The Canada Mortgage and Housing Corporation released its national housing starts figures for August 2018, reporting a drop in the monthly trend.
Canadian housing starts trended at 214,598 units in August 2018, down slightly compared to the 219,656 in July. The trend is a six month moving average of seasonally adjusted annual rates (SAAR).
“The national trend in housing starts continued to decline in August from the historical peak that was recorded in March 2018,” says Bob Dugan, CMHC’s chief economist. “This moderation brings total starts closer to historical averages, largely reflecting recent declines in the trend of multi-unit starts from historically elevated levels earlier in the year.”
The standalone monthly SAAR of housing starts was 200,986 units, down from 205,751 in July. The SAAR of urban starts dropped 2.5% to 184,925 units, with multi-unit starts falling 2.4% to 132,700 and detached starts decreasing 2.6% to 52,225. Rural starts are estimated at 16,061 units.
Toronto housing starts trended lower with fewer multi-unit and single detached starts. Over the years, rising prices and land constraints have resulted in fewer detached home sales, so it’s not surprising to see construction slowing. While multi-unit starts eased in August, condo construction in Toronto is still strong year-to-date thanks to a high number of sales in 2017.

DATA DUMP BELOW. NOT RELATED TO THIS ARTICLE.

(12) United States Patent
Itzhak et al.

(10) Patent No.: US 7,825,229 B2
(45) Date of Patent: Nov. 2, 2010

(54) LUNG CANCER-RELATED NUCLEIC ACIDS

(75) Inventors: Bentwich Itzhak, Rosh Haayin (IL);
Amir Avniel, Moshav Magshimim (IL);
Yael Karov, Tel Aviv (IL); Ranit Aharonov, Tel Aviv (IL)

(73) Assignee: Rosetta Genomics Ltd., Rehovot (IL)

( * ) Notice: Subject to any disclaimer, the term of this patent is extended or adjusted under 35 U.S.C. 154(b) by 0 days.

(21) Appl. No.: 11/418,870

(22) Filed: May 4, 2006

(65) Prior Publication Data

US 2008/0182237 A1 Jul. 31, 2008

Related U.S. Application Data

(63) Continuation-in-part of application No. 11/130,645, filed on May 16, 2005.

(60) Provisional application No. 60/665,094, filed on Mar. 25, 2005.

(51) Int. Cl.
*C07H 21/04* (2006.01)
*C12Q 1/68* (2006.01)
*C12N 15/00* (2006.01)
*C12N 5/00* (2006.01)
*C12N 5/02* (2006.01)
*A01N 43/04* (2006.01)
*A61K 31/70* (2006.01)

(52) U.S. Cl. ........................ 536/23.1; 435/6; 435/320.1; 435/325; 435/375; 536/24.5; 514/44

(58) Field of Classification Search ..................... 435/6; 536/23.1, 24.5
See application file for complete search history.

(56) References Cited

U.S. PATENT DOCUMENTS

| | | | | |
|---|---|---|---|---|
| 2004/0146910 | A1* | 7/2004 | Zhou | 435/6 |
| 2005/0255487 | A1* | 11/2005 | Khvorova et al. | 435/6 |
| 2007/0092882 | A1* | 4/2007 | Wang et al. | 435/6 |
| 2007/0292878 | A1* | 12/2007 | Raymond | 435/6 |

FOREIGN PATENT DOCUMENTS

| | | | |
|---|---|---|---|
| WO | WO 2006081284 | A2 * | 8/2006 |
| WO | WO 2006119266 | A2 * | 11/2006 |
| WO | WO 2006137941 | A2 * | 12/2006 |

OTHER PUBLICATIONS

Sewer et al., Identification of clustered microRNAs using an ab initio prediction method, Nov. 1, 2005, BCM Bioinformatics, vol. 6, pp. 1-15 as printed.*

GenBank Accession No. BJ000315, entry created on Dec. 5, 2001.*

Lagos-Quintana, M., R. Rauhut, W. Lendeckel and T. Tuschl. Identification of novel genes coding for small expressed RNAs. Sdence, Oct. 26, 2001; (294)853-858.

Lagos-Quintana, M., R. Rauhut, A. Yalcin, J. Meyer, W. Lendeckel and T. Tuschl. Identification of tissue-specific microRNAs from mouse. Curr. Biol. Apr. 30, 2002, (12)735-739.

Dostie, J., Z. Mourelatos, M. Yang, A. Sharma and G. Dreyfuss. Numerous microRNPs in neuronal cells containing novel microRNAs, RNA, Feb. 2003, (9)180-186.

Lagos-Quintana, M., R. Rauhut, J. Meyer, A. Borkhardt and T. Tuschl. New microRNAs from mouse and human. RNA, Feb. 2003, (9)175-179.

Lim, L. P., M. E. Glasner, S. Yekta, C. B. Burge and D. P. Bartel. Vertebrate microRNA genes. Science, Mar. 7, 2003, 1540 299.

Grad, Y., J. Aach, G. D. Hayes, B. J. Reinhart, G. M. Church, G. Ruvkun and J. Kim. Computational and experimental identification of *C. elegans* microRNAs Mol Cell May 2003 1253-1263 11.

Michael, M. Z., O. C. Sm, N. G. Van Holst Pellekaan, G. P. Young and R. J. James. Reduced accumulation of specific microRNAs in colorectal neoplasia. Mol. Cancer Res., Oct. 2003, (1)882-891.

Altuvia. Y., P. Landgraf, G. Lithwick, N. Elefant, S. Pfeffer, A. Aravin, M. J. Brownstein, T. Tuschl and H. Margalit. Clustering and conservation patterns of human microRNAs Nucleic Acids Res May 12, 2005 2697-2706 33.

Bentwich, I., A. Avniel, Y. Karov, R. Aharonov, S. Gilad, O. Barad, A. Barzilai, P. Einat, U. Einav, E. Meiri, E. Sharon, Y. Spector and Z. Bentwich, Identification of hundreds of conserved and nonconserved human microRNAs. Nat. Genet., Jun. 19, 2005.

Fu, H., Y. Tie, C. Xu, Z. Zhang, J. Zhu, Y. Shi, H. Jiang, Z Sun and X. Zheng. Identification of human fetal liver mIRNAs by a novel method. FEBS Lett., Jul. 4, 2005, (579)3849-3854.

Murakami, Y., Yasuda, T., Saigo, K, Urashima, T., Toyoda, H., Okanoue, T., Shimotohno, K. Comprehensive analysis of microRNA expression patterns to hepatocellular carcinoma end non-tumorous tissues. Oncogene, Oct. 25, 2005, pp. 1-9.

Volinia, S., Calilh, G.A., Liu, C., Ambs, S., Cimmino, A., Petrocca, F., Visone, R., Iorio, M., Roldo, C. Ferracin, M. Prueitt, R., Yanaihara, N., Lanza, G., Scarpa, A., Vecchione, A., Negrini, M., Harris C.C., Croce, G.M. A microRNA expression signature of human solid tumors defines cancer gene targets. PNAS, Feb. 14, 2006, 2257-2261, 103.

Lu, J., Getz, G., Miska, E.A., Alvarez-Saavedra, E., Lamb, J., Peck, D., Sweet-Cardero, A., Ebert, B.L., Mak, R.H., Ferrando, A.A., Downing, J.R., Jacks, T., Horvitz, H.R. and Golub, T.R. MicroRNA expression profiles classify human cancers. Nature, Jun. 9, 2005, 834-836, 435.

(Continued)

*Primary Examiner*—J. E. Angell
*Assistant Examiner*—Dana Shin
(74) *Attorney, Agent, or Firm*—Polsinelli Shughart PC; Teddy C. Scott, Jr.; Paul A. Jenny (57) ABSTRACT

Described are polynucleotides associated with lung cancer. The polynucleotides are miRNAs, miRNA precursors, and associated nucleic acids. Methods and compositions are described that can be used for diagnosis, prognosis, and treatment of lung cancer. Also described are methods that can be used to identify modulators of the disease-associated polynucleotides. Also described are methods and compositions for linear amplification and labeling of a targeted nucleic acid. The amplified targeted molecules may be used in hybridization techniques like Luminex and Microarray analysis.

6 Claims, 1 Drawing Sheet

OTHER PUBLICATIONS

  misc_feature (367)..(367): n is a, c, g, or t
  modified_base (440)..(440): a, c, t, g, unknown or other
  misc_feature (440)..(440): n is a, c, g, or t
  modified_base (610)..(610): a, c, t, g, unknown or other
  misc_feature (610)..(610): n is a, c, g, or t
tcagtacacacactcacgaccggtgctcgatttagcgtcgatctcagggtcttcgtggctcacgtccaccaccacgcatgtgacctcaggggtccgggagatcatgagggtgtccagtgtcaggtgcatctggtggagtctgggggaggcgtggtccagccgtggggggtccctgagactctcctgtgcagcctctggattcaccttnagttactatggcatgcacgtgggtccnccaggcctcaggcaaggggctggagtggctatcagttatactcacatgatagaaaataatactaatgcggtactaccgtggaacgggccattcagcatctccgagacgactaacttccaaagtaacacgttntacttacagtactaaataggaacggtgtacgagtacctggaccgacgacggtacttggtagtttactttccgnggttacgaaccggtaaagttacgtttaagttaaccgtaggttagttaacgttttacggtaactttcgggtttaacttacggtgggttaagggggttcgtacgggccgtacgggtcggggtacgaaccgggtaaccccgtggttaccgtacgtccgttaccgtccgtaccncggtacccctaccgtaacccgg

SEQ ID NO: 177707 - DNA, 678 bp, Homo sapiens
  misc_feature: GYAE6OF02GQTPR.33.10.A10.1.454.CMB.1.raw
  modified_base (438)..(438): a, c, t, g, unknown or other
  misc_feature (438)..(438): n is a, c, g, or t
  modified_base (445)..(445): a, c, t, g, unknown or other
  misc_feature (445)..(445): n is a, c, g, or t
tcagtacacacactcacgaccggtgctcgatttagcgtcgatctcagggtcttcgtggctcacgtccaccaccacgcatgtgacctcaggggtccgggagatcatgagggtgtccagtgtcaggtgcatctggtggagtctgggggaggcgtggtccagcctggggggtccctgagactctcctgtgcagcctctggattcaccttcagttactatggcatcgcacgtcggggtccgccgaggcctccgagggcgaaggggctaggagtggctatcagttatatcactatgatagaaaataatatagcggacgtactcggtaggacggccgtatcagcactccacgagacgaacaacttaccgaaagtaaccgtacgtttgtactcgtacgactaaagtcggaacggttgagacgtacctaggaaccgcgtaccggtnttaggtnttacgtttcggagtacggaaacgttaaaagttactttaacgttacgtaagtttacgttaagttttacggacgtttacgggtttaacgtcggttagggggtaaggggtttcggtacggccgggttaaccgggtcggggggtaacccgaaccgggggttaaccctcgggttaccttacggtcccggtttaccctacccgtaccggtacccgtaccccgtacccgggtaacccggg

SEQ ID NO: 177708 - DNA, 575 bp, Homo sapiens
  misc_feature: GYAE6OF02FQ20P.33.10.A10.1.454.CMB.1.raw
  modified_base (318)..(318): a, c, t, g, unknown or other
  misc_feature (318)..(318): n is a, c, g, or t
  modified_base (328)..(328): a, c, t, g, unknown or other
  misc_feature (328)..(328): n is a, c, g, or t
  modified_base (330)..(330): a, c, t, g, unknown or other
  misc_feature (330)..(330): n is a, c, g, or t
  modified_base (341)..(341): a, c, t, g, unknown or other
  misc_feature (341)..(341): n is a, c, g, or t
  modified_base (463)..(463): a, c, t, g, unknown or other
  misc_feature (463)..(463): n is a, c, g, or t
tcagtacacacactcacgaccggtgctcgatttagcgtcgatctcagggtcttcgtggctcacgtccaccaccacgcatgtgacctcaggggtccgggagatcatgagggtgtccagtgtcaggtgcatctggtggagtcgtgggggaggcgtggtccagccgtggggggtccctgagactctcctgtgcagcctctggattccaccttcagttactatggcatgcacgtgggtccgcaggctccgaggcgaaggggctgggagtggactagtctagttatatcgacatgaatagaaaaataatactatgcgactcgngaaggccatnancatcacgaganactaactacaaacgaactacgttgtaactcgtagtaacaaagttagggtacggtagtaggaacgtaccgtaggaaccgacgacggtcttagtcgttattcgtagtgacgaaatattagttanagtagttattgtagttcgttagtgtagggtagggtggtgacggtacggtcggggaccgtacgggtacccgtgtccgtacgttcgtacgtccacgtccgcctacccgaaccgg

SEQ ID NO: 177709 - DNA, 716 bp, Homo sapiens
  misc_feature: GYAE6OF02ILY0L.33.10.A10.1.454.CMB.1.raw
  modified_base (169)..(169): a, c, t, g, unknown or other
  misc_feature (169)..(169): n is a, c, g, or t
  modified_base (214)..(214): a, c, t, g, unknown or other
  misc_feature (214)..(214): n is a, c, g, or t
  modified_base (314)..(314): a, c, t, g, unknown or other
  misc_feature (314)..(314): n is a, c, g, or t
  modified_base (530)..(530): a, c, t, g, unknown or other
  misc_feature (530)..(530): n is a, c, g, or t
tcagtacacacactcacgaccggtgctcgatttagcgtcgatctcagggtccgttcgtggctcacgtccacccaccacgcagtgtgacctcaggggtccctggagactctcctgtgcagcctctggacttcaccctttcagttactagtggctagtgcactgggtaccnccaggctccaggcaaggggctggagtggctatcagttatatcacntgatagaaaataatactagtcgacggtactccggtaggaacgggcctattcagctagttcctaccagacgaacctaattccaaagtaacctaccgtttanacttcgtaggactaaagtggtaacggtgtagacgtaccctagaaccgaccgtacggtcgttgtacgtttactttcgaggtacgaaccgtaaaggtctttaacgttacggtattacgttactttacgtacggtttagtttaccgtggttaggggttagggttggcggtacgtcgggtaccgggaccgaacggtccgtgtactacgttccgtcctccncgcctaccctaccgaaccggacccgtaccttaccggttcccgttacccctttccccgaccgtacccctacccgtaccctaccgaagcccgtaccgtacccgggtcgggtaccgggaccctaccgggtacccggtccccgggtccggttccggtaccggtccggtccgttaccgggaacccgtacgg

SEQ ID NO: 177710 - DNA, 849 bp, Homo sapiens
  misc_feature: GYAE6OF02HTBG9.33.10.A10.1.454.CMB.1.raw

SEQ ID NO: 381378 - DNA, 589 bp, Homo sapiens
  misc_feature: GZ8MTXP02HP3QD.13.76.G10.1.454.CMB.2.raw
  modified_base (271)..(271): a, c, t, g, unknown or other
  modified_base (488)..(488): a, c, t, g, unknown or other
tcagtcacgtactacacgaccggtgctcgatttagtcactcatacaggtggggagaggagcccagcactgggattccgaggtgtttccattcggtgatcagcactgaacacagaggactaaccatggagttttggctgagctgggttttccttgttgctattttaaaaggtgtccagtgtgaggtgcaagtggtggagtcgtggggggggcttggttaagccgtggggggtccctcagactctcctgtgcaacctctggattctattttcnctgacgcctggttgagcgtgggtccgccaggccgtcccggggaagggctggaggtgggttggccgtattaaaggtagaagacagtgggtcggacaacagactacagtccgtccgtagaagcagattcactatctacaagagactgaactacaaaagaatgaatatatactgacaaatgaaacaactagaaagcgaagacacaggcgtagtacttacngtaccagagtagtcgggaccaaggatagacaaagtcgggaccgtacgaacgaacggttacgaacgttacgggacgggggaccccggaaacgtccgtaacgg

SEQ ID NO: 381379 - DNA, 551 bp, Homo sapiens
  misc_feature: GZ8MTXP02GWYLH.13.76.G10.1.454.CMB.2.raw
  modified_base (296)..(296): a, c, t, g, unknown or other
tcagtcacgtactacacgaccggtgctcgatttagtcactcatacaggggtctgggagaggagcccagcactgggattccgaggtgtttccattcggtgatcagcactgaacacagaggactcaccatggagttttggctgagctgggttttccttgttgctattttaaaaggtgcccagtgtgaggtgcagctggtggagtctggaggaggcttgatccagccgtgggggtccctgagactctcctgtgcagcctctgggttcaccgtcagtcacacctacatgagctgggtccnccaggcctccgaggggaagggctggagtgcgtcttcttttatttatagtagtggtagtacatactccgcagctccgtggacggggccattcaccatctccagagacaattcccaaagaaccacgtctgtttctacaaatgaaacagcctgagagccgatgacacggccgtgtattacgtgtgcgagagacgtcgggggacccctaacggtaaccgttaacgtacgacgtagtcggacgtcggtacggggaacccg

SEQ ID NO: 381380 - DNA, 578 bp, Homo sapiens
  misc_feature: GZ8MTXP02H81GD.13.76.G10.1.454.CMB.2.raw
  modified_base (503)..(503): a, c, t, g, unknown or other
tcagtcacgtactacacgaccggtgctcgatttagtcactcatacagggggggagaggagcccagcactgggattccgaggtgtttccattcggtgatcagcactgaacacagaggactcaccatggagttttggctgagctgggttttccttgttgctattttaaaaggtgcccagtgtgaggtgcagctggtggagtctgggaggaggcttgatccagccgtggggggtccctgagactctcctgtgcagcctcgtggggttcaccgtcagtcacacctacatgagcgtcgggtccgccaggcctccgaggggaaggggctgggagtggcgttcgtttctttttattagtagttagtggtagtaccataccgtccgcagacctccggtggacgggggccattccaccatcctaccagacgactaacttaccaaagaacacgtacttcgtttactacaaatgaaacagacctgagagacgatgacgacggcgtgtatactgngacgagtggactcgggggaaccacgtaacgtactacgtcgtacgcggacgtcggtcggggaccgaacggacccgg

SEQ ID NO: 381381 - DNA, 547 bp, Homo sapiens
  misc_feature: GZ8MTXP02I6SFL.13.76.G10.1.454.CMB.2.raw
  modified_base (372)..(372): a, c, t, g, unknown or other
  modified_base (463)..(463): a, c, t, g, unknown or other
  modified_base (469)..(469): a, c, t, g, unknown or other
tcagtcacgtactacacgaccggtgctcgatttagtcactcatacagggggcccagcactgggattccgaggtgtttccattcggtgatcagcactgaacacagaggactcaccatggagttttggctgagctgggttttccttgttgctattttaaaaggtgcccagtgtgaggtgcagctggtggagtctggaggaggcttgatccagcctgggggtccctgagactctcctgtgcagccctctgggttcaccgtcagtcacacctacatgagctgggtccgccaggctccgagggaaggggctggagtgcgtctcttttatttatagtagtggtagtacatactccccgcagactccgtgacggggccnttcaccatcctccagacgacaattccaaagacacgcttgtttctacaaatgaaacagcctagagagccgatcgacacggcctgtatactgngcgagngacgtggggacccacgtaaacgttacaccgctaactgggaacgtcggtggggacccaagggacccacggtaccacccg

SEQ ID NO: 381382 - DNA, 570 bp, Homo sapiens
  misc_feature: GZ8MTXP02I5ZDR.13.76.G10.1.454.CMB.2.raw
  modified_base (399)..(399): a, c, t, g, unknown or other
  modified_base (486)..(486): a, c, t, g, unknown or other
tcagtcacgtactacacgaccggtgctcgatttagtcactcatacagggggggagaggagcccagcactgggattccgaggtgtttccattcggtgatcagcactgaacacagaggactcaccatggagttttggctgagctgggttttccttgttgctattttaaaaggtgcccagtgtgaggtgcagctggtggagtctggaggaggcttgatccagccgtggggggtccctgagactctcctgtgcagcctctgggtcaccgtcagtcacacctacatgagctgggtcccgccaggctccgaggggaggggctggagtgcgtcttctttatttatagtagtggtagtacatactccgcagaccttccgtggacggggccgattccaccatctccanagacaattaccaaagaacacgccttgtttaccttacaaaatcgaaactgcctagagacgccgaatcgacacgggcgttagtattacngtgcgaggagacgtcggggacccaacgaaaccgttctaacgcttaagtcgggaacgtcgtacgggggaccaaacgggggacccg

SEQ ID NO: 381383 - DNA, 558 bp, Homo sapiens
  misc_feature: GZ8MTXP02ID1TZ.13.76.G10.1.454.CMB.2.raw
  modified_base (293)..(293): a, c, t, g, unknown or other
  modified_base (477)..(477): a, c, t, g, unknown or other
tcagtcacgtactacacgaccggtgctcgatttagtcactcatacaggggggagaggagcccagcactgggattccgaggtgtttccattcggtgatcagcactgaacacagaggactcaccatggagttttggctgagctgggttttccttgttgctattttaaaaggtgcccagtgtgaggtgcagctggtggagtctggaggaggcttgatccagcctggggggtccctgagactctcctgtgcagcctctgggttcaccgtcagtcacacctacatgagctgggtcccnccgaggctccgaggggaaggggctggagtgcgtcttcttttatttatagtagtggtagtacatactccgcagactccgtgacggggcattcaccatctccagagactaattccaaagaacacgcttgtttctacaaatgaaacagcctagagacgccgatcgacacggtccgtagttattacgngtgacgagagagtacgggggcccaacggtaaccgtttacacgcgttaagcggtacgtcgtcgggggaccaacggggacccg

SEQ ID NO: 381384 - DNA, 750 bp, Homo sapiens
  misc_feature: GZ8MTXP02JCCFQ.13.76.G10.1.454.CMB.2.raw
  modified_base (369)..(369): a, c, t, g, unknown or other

In Oshawa, housing starts trended up, mostly due to an increase in multi-unit dwellings, specifically row units. For the month, Oshawa recorded the most row unit starts in the last 30 years. CMHC believes the increase in row units is a result of Greater Toronto Area buyers seeking more affordable housing options.
CMHC reported an increase in housing starts in Windsor, as well. New home construction was off to a slow start at the beginning of this year, but the trend has increased for three months in a row. While construction is picking up speed, specifically of multi-unit projects, housing starts year-to-date in Windsor are still 27% lower than last year.
On the flip side, Kingston was showing some strong housing starts figures in the first half of the year, but there was a slight decrease in August. The demand remains strong in Kingston, again due to relative affordability compared to the GTA.
We’re not surprised by these numbers. A year ago, the housing market was still reeling from the introduction of Ontario’s Fair Housing Plan. This results in fewer homes being built. This year, summer was also slow, but there are signs people are coming off the sidelines for the fall market. This time next year, housing starts may be trending higher.